You Are What You Eat.
Each morning I watch the news. I flip back and forth between two stations with two very different mindsets. Even though they target two completely different audiences, the commercials on both stations are the same. Dieting commercials intrude every 7 – 12 minutes with before and after pictures of people who have lost a lot of weight and are now in swim suits. Years ago we used to see, “results are not typical” disclaimers. (In the background, I hear my wife’s blender pulverizing away some green gloppy allegedly healthy drink…)
And that’s not to mention the exercise equipment commercials.
Visit a brick-and-mortar bookstore or search online and you’ll be overwhelmed with the number of titles on how to diet, exercise and balance your lifestyle. It’s no secret: there’s a lot of money in diet books. In recent years “eating clean” became in vogue (Do you ever wonder what the next trend will be?) but already critics are calling overzealous attention to eating healthy a kind of disorder: orthorexia nervosa is a preoccupation of the nutritional makeup of what we eat. Oy.
We all know that eating healthy is good for us and that a poor diet results in poor health. Most of us would do well to cut back on burgers, fried foods, pizza, chips, soft drinks and sugars of all kinds. (Bummer, I agree.) Yet there may be an even more important diet we are missing.
1 Timothy 4:6–7 (HCSB)
6 If you point these things out to the brothers, you will be a good servant of Christ Jesus, nourished by the words of the faith and the good teaching that you have followed. 7 But have nothing to do with irreverent and silly myths. Rather, train yourself in godliness 1 Timothy 4:6–7 (HCSB)
Paul tells Timothy you will be a good servant of Christ Jesus. Let’s not miss the obvious. Here is our elder statesman, apostle, churchman Paul writing to the younger Timothy encouraging him in leading the churches they had planted. These short letters are rich in timeless teaching. As applicable then as they are now, we read of a specific way we can know if we are good servants of the Lord. Within 1 Timothy 4 we have several characteristics of a “good minister” or a “good servant.” In sum we might say, Paul has a concern for the spiritual growth of others.
The phrase in v. 6 these things refers to what he has just written in 4:1-5; a warning of false teaching that invades the local churches and the minds of Christians. This could not be more pertinent today. So many trends, isms and ologies have crept into the local church that it can be a full-time job fending off the nonsense.
So a good servant of Christ Jesus is charged with pointing these things out to believers. Notice Paul charges you will be a good servant of Christ Jesus, nourished by the words of the faith and the good teaching that you have followed.
With apologies to the apostle, to loosely paraphrase Paul: “Timothy, eat the right diet.”
We think of nourishment as the healthy value of our diets. Technically, the term nourished here means “to be trained” in something and practically, “nourished by it.” So if we think of our ideal diet and exercise routine, we would be “nourishing” our bodies by training them.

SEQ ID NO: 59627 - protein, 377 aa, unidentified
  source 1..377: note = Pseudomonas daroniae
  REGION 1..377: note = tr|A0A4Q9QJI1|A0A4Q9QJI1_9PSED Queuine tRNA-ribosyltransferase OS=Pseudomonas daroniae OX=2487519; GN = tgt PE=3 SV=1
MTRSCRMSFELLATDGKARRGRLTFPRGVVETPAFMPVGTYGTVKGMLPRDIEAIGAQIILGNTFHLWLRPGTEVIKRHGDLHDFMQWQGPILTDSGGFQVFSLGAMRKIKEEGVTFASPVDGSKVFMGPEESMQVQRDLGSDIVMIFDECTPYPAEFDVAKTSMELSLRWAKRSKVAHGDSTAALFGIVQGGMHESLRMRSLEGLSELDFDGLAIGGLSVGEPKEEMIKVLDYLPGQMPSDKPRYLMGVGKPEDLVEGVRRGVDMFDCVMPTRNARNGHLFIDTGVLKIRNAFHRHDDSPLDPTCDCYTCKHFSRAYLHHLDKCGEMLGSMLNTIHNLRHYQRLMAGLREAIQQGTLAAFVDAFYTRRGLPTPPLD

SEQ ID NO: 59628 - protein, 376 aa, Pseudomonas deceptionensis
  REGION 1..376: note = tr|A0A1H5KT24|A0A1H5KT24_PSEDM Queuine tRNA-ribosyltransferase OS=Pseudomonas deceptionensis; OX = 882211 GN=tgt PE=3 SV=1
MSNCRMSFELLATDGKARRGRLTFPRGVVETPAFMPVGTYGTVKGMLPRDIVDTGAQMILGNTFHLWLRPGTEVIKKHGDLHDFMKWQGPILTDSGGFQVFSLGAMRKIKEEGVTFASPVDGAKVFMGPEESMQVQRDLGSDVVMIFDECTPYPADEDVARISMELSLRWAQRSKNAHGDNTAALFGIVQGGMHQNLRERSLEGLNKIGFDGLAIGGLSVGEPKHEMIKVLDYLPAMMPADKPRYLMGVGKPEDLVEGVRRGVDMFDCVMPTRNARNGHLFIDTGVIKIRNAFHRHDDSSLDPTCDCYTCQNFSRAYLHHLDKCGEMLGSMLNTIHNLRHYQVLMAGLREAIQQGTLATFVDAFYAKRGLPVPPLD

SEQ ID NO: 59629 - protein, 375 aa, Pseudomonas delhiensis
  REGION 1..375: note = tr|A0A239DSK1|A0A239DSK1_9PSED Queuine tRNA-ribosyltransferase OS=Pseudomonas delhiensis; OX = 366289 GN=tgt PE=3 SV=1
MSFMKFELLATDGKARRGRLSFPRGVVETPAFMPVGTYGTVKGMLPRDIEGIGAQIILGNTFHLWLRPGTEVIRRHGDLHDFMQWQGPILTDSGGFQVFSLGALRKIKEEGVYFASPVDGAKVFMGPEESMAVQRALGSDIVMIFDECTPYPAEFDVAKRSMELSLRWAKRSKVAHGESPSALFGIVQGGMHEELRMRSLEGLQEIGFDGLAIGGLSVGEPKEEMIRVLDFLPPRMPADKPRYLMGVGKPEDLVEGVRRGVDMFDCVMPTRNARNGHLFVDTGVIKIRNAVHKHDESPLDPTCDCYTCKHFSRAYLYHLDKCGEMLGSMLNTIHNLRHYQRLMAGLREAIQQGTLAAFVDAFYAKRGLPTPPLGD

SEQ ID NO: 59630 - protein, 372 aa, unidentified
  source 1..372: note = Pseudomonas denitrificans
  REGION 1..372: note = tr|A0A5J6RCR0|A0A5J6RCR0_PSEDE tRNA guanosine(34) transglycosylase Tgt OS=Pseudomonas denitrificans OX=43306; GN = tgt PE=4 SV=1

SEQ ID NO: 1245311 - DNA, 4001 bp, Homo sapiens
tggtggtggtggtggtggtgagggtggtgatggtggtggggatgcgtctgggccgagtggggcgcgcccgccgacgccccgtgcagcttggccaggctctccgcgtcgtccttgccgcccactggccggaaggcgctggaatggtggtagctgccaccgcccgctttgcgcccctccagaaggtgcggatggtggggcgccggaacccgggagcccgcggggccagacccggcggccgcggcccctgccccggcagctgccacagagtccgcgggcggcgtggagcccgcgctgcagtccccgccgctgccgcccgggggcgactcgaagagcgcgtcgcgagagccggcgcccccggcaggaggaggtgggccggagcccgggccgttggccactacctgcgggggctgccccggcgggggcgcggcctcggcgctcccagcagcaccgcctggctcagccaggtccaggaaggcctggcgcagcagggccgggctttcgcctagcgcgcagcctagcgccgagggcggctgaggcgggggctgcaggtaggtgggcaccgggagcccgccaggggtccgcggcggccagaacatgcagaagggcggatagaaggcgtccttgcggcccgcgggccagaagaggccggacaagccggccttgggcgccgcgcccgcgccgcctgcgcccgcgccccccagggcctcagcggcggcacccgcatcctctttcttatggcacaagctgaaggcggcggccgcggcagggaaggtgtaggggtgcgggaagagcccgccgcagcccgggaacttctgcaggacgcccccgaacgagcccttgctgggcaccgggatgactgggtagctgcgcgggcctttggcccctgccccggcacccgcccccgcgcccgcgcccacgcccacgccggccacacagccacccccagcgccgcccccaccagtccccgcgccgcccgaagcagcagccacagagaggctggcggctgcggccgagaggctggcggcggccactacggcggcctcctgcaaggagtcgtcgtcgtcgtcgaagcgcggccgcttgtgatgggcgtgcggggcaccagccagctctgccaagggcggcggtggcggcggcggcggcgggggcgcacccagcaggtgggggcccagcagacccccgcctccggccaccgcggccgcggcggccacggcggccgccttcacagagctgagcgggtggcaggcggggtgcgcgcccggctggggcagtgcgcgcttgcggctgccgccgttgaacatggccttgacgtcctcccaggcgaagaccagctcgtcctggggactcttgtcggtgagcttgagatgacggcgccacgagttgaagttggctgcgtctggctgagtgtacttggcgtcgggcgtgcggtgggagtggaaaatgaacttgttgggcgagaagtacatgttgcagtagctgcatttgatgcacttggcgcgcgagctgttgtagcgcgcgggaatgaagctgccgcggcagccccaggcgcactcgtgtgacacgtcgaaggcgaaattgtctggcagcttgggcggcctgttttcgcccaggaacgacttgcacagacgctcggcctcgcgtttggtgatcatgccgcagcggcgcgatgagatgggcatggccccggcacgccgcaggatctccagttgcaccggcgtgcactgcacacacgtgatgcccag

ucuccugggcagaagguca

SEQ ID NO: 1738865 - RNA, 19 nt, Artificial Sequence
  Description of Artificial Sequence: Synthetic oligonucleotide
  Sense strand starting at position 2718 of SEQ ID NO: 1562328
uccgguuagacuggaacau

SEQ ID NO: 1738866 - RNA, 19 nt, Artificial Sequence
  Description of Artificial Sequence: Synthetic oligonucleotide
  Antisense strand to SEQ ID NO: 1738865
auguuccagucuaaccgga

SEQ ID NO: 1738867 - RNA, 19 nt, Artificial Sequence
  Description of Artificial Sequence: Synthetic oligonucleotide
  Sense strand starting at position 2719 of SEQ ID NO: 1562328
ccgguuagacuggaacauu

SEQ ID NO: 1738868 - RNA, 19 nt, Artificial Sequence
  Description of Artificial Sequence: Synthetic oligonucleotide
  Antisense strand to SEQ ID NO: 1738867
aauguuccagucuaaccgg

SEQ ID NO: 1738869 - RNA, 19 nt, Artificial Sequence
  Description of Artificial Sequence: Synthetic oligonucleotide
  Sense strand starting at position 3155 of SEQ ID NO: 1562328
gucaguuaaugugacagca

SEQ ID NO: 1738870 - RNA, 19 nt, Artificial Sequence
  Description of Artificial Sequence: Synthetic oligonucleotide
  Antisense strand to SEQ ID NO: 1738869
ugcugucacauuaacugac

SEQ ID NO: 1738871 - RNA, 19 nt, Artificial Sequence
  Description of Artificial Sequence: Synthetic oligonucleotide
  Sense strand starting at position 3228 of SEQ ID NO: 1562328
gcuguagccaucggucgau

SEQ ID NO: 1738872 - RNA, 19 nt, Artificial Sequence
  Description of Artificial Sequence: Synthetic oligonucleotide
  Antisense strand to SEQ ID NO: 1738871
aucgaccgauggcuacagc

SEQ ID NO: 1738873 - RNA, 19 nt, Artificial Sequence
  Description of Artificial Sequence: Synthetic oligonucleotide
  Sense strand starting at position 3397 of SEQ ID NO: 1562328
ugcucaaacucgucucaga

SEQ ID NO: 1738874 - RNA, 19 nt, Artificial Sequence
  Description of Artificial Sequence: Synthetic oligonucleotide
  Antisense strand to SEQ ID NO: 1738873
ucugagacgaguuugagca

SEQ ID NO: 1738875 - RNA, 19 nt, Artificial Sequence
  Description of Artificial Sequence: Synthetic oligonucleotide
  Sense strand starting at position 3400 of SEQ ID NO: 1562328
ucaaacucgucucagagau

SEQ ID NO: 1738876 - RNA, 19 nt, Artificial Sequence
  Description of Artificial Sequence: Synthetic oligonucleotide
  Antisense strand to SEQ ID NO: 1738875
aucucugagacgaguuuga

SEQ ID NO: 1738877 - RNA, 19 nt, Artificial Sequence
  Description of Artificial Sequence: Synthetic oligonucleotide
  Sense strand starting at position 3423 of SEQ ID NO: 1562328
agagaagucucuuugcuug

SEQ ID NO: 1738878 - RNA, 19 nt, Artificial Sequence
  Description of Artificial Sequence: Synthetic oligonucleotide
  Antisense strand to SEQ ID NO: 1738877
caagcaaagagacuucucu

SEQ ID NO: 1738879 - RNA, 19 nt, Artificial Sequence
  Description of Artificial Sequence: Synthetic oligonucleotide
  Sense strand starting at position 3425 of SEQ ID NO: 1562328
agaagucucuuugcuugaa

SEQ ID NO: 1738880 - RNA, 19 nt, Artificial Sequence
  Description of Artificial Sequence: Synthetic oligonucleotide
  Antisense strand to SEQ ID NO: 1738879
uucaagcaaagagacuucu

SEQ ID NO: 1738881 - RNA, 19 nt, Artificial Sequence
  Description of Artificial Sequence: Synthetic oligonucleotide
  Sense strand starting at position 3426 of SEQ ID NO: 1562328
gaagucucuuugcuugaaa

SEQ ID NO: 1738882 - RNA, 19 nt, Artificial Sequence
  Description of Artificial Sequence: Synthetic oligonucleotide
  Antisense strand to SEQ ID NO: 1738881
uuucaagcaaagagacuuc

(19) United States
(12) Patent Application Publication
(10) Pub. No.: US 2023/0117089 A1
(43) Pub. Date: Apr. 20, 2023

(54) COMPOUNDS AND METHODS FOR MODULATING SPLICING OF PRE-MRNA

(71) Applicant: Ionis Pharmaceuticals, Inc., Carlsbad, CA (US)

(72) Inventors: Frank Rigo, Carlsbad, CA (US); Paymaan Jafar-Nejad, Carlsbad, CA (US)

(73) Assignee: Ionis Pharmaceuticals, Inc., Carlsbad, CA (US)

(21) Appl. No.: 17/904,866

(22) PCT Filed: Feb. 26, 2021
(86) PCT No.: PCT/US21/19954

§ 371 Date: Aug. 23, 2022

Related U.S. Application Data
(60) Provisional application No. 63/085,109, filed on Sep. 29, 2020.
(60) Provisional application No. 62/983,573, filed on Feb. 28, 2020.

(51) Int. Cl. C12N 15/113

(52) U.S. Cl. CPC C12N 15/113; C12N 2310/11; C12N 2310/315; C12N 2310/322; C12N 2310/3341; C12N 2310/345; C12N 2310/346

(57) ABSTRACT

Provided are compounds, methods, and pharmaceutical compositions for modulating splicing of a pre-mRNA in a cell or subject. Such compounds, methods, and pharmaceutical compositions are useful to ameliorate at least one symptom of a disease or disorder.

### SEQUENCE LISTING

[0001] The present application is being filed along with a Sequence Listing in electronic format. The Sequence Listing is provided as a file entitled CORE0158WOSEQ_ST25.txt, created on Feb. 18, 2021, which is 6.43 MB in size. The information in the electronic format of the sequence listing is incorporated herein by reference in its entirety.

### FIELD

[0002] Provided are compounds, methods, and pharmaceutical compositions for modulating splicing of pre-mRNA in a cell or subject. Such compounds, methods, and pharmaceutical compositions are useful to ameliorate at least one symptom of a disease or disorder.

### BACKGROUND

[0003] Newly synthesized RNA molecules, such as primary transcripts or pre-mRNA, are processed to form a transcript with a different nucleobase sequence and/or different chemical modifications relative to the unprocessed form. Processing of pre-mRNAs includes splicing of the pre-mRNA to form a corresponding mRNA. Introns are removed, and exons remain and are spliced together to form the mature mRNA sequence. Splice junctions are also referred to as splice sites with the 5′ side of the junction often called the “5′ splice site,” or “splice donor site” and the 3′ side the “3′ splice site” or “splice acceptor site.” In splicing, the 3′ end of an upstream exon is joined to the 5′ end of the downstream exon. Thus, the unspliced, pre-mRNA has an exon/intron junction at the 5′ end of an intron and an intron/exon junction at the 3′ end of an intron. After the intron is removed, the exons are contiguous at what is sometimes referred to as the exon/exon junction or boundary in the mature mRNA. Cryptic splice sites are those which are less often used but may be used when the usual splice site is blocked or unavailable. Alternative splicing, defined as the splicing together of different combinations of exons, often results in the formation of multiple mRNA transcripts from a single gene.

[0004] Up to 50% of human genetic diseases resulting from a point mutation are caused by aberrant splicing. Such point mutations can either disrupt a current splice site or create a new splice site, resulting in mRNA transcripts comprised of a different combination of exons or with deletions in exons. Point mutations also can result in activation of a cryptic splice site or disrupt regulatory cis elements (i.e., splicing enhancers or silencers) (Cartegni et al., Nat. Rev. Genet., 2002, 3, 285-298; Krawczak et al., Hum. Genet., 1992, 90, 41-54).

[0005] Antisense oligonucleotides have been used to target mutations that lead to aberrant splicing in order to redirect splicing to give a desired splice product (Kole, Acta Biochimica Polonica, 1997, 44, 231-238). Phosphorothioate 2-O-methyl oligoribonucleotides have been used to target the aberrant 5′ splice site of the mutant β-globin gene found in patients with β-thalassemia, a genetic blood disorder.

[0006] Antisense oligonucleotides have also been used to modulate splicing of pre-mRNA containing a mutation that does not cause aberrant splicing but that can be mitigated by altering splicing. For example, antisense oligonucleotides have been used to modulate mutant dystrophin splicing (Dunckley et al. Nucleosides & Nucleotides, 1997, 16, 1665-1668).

Paul’s diet includes the words of faith and the good teaching that you have followed. Some English versions opt for the words of faith and sound doctrine. It is a great picture. Timothy, to be an example, to help stem the false teaching that slinks in, eat a well-balanced diet of faith and doctrine.
The words of faith likely means a general body of literature, i.e., what Paul has entrusted to Timothy about the gospel, the words and works of Jesus Christ and what it means to live faithfully. While scholars differ, 1 Timothy 1:5 seems to summarize this idea
1 Timothy 1:5 (HCSB)
Now the goal of our instruction is love that comes from a pure heart, a good conscience, and a sincere faith.
Good teaching or sound doctrine are a complete wholesome diet.
Teaching or doctrine can sound sterile or dry. Like a broiled piece of lean chicken, it is high in protein but dreadfully boring to eat. Yet we must have the “nourishment” of sound doctrine. After all, doctrine is the only antidote to false teaching.
Last, of intrigue is the word nourished likely has the sense of “nourishing yourself.” In other words it’s up to Timothy – and each of us individually – to take this task personally. So, part of the requirements of a spiritual diet is that one must “nourish themselves with the words of faith and sound doctrine.” That’s some diet.
So if we are what we eat, if a good balanced meal is important, then how much more our “spiritual diet”? Are you well nourished? Are you feeding yourself well? Are you spending some time each day, feeding on His word? Are you filling your head and heart with good sustenance? Or do you and I eat theological junk food? Do we hurriedly scan an all too familiar passage? Do we lean on what we ate years ago? Or do we rush out the door of life without any nourishment? Perhaps you are like me; I’ve never been hungry in the morning one day in my life. I know the axiom, “breakfast is the most important meal of the day” but I’ve never once been hungry in the mornings. Yet we not only need a spiritual hunger for Him and His word, we need the supernatural spiritual nourishment that can only come from time with Him.
The great thing about eating is that we tend to get hungry several times a day. Well, we may not truly be hungry, but we certainly think about food. We love to eat and we like the way we feel with full bellies.
What will it take for you and me to long for the nourishment of God’s word? To want to eat a balanced spiritual diet of His teaching, His good and always nourishing word?
Dig in. And as a bonus, it’s fat free.